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Ayaka Miwa: words to movement: with Mio Sakamoto & Yui Ugai

Creator, Performer

Ayaka Miwa - Choreographic Marathon 2019


  • To tell a story without words

  • to change theatrical duet to a dance solo

  • keep the spirit of a child when making a work

  • to use voice as expressive element but not text

  • to learn more about how dance artists make their dances

  • to interact and gain confidence with artists in a foreign language and environment

Beginning with:

  • text: short story “The cop and the anthem” by O. Henry

  • material from a theatrical duet based on the story

  • literal dialogue between performers

  • 2 characters: narrator and persona

  • movement material that was exaggerated naturalism


  • find new ways to be inspired


  • to tell the story as pure physical expression, without pantomime and literal actions

  • let go of right-wrong when experimenting

  • don’t decide on structures and movements too early in the creation sessions.

  • working from sensation

  • recall of material that has come from improvisation

  • accept that it is useful to not know what you are doing for a while

  • identify essential aspects of translated feedback


  • Japanese-Canadian artists full-time with Ayaka - interpreters of both words and movements.

  • At every moment differentiate between narrator-persona

  • Transition from theatrical to dance performance: discover characters’ physicality, improvise with known material restricting facial expressions, give specific places on the stage different meanings and move character through those places.

  • Recall and perform a small section of known material (part of the story), then do it longer (e.g. 5 min extends to 15min), pull out the most essential qualities, try to perform the qualities only (without the imposition of a dramatic arch).

  • Try to share story in 5 minutes

  • Allow vocalization to come from the movement.

Role of collaborating artists:

  • The Second (Mio) interpreted Ayaka’s physicality. Ayaka watched. They gave word descriptions (dance perspective) for each section (e.g. jerky, constrained, undulate, revolve) then Ayaka performed with Second watching.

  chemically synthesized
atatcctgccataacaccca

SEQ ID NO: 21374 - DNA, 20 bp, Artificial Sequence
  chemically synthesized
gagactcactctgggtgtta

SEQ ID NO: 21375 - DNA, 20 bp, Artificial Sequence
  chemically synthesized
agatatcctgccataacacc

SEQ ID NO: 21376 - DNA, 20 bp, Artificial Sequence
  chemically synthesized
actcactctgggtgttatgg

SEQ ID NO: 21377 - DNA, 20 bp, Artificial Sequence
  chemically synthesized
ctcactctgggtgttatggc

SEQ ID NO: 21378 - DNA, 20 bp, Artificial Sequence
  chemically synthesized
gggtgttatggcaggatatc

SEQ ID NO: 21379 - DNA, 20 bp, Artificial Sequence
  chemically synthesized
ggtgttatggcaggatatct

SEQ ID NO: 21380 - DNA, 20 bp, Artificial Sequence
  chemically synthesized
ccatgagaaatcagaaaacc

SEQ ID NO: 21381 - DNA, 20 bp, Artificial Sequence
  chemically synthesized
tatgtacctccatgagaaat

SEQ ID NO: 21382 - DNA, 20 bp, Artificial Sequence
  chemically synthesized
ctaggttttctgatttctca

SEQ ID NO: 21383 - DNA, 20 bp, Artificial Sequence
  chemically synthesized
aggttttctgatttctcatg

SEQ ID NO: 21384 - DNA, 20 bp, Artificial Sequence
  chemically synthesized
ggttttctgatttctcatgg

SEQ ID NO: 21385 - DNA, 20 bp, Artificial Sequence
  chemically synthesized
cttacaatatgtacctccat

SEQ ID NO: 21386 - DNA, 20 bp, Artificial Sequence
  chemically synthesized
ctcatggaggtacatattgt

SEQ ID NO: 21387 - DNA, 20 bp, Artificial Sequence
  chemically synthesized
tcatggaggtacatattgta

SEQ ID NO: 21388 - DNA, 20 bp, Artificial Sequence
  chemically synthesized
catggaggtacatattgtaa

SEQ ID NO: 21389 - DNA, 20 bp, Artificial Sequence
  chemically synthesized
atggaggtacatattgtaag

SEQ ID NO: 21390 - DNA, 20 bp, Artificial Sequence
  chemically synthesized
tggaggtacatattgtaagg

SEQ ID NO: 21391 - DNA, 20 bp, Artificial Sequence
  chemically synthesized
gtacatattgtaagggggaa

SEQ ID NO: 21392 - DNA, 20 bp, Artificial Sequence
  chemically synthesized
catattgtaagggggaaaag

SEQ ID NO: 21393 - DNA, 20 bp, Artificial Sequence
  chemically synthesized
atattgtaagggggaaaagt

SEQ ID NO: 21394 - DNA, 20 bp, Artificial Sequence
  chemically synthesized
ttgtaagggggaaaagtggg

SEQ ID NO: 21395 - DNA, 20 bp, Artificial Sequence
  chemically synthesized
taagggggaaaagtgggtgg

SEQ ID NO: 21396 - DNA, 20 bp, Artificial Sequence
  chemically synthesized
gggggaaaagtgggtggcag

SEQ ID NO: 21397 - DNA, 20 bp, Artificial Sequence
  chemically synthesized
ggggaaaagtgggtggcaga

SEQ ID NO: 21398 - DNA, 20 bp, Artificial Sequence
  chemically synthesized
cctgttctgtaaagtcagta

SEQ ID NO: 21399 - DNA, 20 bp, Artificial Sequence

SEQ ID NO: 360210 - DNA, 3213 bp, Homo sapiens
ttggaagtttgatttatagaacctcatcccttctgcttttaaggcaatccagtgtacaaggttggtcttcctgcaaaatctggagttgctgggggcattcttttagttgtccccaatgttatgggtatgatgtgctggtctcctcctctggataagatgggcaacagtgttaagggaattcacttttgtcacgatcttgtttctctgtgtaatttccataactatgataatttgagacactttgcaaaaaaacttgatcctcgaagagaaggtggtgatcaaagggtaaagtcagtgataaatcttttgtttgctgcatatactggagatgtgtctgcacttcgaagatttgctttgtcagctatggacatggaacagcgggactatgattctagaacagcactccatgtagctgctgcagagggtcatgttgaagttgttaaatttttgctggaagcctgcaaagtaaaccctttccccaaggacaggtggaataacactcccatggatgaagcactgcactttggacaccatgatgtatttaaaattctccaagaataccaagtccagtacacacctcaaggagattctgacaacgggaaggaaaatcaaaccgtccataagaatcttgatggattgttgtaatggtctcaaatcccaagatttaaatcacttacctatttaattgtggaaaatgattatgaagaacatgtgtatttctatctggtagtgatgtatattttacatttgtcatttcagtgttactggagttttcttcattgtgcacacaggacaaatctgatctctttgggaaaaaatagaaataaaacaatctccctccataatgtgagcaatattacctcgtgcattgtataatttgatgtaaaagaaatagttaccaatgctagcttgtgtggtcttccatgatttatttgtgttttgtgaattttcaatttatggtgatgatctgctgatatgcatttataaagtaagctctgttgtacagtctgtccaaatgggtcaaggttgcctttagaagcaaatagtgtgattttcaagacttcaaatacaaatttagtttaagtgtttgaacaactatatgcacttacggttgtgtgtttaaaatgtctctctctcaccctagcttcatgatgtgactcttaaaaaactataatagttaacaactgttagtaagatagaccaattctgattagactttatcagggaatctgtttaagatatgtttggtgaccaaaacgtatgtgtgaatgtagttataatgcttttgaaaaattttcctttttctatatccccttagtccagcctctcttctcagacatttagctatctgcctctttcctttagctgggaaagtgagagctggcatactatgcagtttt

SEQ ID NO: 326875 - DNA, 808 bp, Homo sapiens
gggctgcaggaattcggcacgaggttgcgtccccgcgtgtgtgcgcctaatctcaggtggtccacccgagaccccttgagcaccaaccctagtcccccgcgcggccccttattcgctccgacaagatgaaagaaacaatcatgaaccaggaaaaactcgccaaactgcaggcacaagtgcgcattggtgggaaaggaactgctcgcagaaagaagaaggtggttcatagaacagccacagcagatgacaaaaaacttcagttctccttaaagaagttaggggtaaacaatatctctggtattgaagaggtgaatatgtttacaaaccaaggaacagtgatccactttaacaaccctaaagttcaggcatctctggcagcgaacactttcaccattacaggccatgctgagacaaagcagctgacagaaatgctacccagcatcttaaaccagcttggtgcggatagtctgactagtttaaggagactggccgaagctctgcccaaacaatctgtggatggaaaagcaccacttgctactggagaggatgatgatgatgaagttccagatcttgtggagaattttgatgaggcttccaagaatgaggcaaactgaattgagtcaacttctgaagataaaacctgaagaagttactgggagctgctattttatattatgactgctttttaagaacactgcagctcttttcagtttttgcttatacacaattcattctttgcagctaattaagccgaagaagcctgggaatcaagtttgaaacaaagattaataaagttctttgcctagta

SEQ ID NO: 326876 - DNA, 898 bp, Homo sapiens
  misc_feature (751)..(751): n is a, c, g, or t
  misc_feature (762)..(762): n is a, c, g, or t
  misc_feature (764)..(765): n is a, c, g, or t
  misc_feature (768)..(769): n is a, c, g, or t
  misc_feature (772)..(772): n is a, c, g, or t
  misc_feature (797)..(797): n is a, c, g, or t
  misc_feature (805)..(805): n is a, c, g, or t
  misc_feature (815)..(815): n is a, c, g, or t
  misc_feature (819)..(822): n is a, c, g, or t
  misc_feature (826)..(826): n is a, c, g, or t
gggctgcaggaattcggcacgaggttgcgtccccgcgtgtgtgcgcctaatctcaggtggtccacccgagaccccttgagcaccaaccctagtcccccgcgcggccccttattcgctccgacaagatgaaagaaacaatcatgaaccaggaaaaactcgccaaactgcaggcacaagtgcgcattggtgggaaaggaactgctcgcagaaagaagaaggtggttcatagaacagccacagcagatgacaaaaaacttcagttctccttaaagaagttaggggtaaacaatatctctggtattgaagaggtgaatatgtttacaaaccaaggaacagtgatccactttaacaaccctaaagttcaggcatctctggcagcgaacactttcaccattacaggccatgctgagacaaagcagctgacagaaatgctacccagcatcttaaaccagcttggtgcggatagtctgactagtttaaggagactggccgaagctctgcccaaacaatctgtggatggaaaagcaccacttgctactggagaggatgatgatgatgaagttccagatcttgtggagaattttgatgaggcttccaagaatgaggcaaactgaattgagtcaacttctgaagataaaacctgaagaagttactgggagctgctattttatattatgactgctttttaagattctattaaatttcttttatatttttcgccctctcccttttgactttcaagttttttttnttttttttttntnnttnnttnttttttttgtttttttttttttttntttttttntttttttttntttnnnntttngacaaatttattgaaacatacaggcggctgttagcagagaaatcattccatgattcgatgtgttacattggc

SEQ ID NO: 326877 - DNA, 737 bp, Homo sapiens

• Possible to be specific in the unknown.

  • Importance of contrasts

  • Once she experienced embodied performance of story’s themes, she gave up the insistence on dividing the action between 2 different characters and began to dance the experience of the story.

Development and Skill-building:

  • To use free improvisation as a tool.

  • Ability to stick with an improvisation experiment long enough to find lots of unexpected material.

  • Hold on the material that you like.

  • Once the movement is set, forget about the story, explore it as pure movement.

  • Technical learning (self-taught): safe ways to drop suddenly to the ground and rise.

Questions from mentors:

In your goal to make a dance, how important is it that we (audience) know the details of the story that inspired your dance? Your answer will be an important determiner of the form of your finished work.

General observations:

  • It is necessary to accept “not knowing” as part of the creative process.

Discussion points:

  • Timing of vocalization matched timing of the movement. Was it this convergence that suggested narrative?

  • Positive creative process is stepping Inside the Unknown> particularly when aspiring to make work that is new to one’s self. This approach supports> curious, surprised, searching, watchful, and.... Confusion, being lost, bored, disappointed (etc) does not have to be painful nor scary.

  • If creating a dance from a theatrical performance, and creating a non-verbal performance inspired by literary text can be called forms of translation, consider that a good translation delivers the essential information of what is being said in the original language, a great translation delivers both the essentials and the essence of what is being conveyed (through the second language’s energy, force, time, tension, form, action).

To practice:

  • Embodying essential elements: take a short story/poem, divide it into sections, dance a section, look back and decide what in the dance brought out essential dynamics of that section. Leave it.

  • Dance and vocalize freely... often (no stories!)

  • Training the Recall of movement details: improvise for 5 minutes, try to repeat what you did. Increase the length of time as your recall abilities improve. (Don’t video to check accuracy! It is about training sensory memory. It will naturally happen with practice.)

  • Choose a single skill you

What you are doing next:

“At the Choreographic Marathon, I learned that I could use my body to express myself even in countries with different languages, and through my experience there I gained confidence.

In 2020, I will continue that self-challenge in a theater tour in the UK.

I will continue to work on my skills: “How to use the body” and “face my own voice.”

The next time I meet mentors, I promise to be an evolved me!

Thank you so much.”


Key words: essential, essence, evolution, evolve, challenge, delight

Ayaka MIWA (2019)

Actor and director in Japan. Training and performance: Noh Theatre, Japanese traditional dance, western ballet & jazz. Haiyuuza-Theater company Institute of Drama Science (Tokyo,Japan) April 2009 - March 2010 especially Stanislavski System and Alexander Technique. Bungakuza-Theater company Institute of Drama Science (Tokyo,Japan) April 2011 - March 2012 . Music: Senzoku Gakuen College of Music (Kanagawa,Japan) Bachelor of Music and Music Education , April 2005 - March 2009 specialties voice, piano.In 2018 Miwa won 2nd place at Smash Cabaret Tokyo.

Takako Segawa - Ayako Miwa - Choreographic Marathon 2019

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